Catherine Linka is the author of the two book series, A GIRL CALLED FEARLESS and A GIRL UNDONE. Catherine was a YA book buyer for an indie bookstore for 8 years. Connect with Catherine on twitter @cblinka or FB.

Yesterday, I described how Kristen Kittscher launched her debut middle grade mystery THE WIG IN THE WINDOW. Today, I’ll share a little of what I took away from our discussion.

wiginthewindowCoverSept copy

Kristen urged me that when it came time to debut to “do the things you like doing and focus on those.” She also cautioned that while I might feel I have to do a book trailer or a blog, “if you’re doing the same things that everyone else is doing, they aren’t going to stand out.”

Now that she’s been through the debut experience, she has a better understanding of how to reach her market. “I thought that as a middle grade author, I needed to do the same things that YA authors were doing. If I had to do it all over again, I’d pay more attention to what authors were doing for books like mine.”

She recommends that you invite everyone you know to your book launch, seconding what my friend Allyson Valentine Schrier said. Allyson’s book, HOW NOT TO FIND A BOYFRIEND launched this summer, and her Penguin sales rep was blown away by the crowd. I asked Allyson what she did to attract them and she said,

how_not_to_find_a_boyfriend

I invited people from all walks of life using evite. Thus, I had people like my accountant attend, my old babysitter, a bunch of folks from the Altzheimers Association. I think it is worthwhile to invite people from all walks of life because you will be surprised to find that many of the outliers show up.

Kristen was astounded by how many of her former middle school students, some of them now adults, were in the audience. To be honest, her experience and Allyson’s have given me the courage to add people to my invite list who I might have felt too self-conscious or shy to include otherwise.

Kristen also encourages writers to say yes, if someone offers to use their connections to help you reach decision makers– even if it’s a long-shot. A politico friend in DC offered to get the book to the Obamas. Nothing came of it, but Kristen tried. And her mother’s cousin, Pete the Produce Man on the Today Show? Kristen’s ready to remind him that she will stop by any time and talk about beets. (Read the book and you’ll understand.)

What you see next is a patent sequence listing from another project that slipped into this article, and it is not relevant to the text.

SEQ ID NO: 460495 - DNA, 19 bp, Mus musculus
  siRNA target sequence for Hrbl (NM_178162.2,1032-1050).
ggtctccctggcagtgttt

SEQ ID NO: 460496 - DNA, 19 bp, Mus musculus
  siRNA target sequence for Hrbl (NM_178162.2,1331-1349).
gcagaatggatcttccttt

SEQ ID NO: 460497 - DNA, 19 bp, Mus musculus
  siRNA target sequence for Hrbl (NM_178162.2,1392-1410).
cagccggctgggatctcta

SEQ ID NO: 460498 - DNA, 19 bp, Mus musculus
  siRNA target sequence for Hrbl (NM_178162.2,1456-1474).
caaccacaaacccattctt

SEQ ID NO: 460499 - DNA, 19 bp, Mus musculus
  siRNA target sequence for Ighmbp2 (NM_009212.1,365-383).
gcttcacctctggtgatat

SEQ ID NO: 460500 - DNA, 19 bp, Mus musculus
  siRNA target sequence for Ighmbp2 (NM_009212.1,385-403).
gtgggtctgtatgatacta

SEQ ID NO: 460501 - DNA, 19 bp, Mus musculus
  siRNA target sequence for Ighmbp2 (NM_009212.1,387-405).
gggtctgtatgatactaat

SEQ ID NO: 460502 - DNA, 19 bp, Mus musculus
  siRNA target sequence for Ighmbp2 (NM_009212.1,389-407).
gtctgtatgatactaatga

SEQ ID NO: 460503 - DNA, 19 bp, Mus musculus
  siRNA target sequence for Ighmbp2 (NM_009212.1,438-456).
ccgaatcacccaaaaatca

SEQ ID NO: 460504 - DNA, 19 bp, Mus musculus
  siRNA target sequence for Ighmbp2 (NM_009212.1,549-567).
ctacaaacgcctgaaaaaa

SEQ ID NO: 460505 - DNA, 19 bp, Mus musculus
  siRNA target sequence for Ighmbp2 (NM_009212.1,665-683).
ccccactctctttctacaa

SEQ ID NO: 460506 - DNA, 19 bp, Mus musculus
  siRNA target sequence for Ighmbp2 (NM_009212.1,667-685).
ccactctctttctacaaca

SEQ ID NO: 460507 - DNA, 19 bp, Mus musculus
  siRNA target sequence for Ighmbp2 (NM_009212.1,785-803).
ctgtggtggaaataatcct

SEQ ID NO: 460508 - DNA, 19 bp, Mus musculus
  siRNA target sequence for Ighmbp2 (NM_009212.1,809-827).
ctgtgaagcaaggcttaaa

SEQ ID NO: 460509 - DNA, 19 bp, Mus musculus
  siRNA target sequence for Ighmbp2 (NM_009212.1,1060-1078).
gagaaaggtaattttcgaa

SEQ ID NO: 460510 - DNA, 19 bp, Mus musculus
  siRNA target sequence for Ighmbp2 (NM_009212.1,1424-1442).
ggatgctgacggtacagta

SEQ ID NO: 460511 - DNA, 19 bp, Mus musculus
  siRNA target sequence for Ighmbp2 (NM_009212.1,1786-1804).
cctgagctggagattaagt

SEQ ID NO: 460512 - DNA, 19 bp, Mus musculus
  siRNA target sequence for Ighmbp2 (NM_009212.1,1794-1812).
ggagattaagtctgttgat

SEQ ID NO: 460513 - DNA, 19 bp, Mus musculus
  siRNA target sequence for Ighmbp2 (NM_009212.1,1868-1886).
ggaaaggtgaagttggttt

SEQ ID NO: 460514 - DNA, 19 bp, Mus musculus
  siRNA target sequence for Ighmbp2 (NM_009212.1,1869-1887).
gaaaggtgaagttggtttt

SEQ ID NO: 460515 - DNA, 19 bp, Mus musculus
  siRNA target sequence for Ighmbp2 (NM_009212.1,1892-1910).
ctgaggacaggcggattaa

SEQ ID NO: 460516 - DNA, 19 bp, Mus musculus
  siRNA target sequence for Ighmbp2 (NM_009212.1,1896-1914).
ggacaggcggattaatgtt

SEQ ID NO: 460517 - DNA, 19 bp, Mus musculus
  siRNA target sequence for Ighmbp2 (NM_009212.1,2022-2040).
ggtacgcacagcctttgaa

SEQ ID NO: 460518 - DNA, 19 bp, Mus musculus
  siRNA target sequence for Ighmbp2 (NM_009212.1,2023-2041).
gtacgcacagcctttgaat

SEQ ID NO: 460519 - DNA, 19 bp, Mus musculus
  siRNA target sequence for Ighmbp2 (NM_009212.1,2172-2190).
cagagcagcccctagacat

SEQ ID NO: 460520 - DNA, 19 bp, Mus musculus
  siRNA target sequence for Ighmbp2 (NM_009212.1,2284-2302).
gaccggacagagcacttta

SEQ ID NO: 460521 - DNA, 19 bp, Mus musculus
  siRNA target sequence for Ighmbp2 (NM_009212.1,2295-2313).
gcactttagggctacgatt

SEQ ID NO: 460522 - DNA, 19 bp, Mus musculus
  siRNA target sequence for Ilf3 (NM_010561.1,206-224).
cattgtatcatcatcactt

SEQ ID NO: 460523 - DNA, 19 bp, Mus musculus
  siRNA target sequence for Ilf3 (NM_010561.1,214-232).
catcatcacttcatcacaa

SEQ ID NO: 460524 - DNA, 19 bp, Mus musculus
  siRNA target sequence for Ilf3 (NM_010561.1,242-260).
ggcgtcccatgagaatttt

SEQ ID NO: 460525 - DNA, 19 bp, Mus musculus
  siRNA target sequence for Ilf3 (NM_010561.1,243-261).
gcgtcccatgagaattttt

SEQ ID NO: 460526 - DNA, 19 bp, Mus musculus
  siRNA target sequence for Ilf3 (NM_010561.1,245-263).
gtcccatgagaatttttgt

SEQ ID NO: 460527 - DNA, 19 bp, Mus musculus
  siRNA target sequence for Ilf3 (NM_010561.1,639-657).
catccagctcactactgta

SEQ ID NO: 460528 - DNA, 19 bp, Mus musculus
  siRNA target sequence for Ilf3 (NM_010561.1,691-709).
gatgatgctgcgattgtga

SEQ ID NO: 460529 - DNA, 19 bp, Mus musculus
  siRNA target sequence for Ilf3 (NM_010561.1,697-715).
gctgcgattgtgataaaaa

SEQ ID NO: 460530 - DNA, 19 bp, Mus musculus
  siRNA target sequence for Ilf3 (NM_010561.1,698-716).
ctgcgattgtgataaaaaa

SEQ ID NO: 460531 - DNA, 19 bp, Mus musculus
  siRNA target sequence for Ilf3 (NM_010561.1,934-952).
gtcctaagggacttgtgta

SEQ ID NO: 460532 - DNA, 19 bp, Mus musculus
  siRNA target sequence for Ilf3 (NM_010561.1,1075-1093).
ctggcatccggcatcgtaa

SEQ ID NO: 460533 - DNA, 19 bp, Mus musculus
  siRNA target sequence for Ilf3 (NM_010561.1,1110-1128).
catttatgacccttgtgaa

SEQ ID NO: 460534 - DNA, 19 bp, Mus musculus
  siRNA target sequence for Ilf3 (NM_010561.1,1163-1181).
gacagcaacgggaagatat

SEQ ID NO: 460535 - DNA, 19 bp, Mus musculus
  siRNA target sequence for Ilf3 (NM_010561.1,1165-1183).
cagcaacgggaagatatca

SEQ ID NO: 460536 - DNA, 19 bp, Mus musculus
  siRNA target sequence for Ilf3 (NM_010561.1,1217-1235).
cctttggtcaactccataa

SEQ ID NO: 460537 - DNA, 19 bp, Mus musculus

And don’t be shy about suggesting marketing or promotional ideas to your publisher. “I try to be mildly annoying about it, but pleasant,” Kristen said. Publishers are squeezed for time, she says, so think of things you’d like to do, but don’t be sad if they don’t happen.

One thing she’ll definitely keep doing is supporting indie bookstores and other writers. “Indie bookstores have true grassroots power and can make a real difference in a book’s success.”

 Many thanks to Kristen Kittscher, debut author of THE WIG IN THE WINDOW, available through indie bookstores and online.

Comments

  1. Thanks for the 2-day post, Catherine! Yes, breaking through shyness is key to getting the word out about our work. A great reminder! I like the idea of doing the things that you like doing, but going out of your comfort zone can create surprisingly good results, too. Sounds like it’s best to be open and focused when marketing your book. Thanks to Kristen and Allyson for their insights, too.

    1. I enjoyed the post as well. Thank you, Kristen and Catherine! One of the things I’ve learned about going out of my comfort zone is to be prepared to fail and not take it personally or to feel like you’re a failure because one tactic failed. It can be a learning experience in so many ways–and not that you should just give up and not try that tactic again, but that you can learn from your mistakes and do it better next time. For instance, I started two blogs that failed within months before I hit on an approach that would keep my blog going for the long haul and build readers over time.

      1. Great point, Lyn. Learning how to do social media well takes trial and error. Few people succeed immediately, although their visibility may make it seem that way.

  2. Thanks, Catherine, for featuring WIG’s launch — and to you all for stopping in. I used to be very shy about the book — embarrassed, almost. Then I realized: what’s the point of writing a story to entertain others, then being embarrassed to get out there and share it? And yes, I think embracing failure as learning experiences has been the most helpful of all.

    1. No, thank YOU, Kristen. I intend to go forth and boldly embrace failure–to fail where no man has failed before!

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